This article was previously published in Policy Options.
To achieve net zero emissions by 2050 and to build a vibrant, inclusive and resilient economy, Canada needs to mobilize private investment—and fast—toward clean technologies, projects and businesses. Otherwise, the economy will falter, leaving Canada unable to significantly curb emissions and unable to remain competitive in the accelerating energy transition around the world. But Canada’s track record with mobilizing private investment has been insufficient. How can Canadian governments attract investment to advance clean growth as quickly and as efficiently as possible?
While the task may be challenging, it is possible for Canada to keep up with its allies and trade partners in navigating this transition. Ottawa needs to further strengthen the most effective tool in its collection—carbon pricing—and add new tools to directly address the remaining barriers to mobilizing private investment. It also needs to develop clean growth strategies for key sectors and systems by working with experts, the provinces and private actors to enable the various tools to work together to build a solid foundation for Canada’s net zero economy.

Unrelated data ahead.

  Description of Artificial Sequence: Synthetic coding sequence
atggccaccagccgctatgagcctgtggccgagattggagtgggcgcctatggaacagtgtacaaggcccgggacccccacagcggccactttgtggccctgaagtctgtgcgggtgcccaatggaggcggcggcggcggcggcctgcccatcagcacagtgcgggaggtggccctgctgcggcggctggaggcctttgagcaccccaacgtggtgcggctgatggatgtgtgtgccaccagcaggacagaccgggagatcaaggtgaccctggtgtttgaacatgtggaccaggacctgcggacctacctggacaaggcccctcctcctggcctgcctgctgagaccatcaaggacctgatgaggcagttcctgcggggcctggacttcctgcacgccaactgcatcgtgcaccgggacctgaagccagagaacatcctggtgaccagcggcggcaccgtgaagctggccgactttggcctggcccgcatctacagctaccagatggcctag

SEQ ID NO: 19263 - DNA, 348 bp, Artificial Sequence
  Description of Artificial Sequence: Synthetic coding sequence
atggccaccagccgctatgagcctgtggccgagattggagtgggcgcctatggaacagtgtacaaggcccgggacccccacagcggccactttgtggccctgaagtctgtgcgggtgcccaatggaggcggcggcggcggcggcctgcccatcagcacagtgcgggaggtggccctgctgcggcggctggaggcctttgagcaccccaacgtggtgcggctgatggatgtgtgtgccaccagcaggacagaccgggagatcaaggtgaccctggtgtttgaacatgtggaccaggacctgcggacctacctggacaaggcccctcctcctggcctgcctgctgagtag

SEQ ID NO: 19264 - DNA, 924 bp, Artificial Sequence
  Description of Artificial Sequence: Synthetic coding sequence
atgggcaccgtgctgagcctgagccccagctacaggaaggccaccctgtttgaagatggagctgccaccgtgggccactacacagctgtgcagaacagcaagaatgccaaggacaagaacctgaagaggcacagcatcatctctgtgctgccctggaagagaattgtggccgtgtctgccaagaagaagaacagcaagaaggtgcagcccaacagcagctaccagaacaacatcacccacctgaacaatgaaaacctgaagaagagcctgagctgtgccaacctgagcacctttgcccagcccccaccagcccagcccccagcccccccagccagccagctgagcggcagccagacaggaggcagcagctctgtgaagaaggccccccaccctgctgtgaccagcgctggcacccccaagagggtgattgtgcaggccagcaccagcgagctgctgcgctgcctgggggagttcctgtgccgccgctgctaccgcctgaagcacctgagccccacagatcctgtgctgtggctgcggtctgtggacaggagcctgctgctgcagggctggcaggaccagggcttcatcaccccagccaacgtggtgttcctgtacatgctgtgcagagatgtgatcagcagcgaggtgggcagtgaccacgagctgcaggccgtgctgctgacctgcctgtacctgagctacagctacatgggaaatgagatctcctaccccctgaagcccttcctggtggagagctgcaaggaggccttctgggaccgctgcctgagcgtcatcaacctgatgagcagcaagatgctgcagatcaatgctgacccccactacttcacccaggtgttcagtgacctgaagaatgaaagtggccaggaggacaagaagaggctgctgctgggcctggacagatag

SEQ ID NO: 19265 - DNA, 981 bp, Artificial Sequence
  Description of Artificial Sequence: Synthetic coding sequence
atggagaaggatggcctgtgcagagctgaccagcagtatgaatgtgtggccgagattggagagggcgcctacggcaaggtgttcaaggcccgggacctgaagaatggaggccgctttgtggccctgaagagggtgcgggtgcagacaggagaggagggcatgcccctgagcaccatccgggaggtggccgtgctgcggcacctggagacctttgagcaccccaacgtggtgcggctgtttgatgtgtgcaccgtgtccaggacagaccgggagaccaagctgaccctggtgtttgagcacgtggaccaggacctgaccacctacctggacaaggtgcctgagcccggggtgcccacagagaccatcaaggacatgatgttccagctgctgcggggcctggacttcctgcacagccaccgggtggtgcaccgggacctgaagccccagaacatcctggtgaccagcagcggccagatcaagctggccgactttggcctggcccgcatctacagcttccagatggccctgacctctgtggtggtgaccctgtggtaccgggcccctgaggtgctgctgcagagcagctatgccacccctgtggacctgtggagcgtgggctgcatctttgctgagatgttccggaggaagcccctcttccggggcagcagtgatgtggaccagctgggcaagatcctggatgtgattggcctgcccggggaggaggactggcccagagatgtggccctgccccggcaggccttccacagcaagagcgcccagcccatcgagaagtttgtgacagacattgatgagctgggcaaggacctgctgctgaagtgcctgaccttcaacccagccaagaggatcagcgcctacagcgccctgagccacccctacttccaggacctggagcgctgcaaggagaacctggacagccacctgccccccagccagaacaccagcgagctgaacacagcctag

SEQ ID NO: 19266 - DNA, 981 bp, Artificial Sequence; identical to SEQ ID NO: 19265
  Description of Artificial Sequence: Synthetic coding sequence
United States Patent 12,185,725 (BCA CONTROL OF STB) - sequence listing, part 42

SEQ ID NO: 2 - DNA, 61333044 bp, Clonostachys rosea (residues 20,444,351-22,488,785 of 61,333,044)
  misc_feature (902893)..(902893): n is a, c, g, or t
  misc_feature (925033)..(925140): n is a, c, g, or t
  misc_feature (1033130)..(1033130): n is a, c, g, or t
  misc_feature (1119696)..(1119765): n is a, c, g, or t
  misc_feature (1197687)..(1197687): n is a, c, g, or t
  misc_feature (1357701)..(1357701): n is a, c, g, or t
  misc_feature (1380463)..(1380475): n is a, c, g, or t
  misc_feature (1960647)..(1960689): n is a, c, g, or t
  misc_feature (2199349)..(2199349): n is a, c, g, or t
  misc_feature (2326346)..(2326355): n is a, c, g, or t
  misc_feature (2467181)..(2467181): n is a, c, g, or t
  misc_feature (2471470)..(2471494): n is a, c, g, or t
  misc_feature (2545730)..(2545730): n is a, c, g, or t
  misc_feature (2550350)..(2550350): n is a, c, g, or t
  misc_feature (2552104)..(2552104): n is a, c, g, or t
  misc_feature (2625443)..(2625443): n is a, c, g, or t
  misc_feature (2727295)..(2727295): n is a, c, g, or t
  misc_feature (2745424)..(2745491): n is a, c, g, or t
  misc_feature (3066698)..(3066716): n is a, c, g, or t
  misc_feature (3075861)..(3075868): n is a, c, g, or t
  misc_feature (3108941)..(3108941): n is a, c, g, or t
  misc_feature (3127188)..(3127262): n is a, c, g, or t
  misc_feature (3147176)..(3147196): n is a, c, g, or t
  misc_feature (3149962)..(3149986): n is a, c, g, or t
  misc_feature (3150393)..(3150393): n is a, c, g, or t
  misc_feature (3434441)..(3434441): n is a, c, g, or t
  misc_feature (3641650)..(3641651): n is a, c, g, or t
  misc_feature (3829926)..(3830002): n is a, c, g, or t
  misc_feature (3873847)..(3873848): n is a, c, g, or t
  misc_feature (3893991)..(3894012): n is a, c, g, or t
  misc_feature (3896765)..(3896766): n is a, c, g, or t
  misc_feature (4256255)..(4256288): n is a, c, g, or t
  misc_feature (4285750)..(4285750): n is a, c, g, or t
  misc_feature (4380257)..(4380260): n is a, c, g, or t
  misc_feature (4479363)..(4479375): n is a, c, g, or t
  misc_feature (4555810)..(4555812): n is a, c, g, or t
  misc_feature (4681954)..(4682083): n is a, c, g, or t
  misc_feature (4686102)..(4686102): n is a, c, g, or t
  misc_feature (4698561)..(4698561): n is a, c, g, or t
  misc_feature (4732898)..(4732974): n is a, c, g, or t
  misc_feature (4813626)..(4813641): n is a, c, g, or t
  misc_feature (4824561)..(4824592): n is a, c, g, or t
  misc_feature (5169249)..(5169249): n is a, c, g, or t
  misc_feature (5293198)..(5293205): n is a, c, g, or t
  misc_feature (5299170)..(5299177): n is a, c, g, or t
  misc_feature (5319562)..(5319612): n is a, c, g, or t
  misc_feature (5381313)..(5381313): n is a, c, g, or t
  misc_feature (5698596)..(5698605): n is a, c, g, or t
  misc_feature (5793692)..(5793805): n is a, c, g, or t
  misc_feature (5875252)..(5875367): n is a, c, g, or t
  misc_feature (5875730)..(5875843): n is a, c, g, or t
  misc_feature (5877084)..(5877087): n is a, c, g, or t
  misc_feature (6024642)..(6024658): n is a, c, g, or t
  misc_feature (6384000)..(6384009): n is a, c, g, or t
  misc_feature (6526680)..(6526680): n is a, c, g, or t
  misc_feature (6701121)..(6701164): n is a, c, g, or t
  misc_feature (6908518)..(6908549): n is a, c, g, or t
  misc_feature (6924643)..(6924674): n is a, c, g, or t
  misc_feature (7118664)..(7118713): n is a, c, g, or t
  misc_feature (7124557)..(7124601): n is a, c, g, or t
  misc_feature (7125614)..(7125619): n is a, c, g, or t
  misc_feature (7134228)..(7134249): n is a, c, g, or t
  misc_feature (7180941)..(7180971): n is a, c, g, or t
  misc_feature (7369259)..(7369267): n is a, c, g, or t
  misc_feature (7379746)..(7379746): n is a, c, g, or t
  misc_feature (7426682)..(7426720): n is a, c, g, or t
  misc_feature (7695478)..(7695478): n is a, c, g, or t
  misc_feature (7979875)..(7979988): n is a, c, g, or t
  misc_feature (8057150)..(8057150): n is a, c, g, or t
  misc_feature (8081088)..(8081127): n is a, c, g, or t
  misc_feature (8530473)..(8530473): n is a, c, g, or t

So far, Canada has rightly relied on carbon pricing as its main decarbonization investment driver. The policy’s influence on investment decisions is expected to grow even more as the price is set to increase in the future. Carbon pricing is both an effective and efficient tool to address a key market failure that can disadvantage low-carbon technologies—a product’s market price does not typically account for the damages from carbon emissions caused in its production and consumption. As a result, companies lack that incentive to invest in the adoption of cleaner technologies.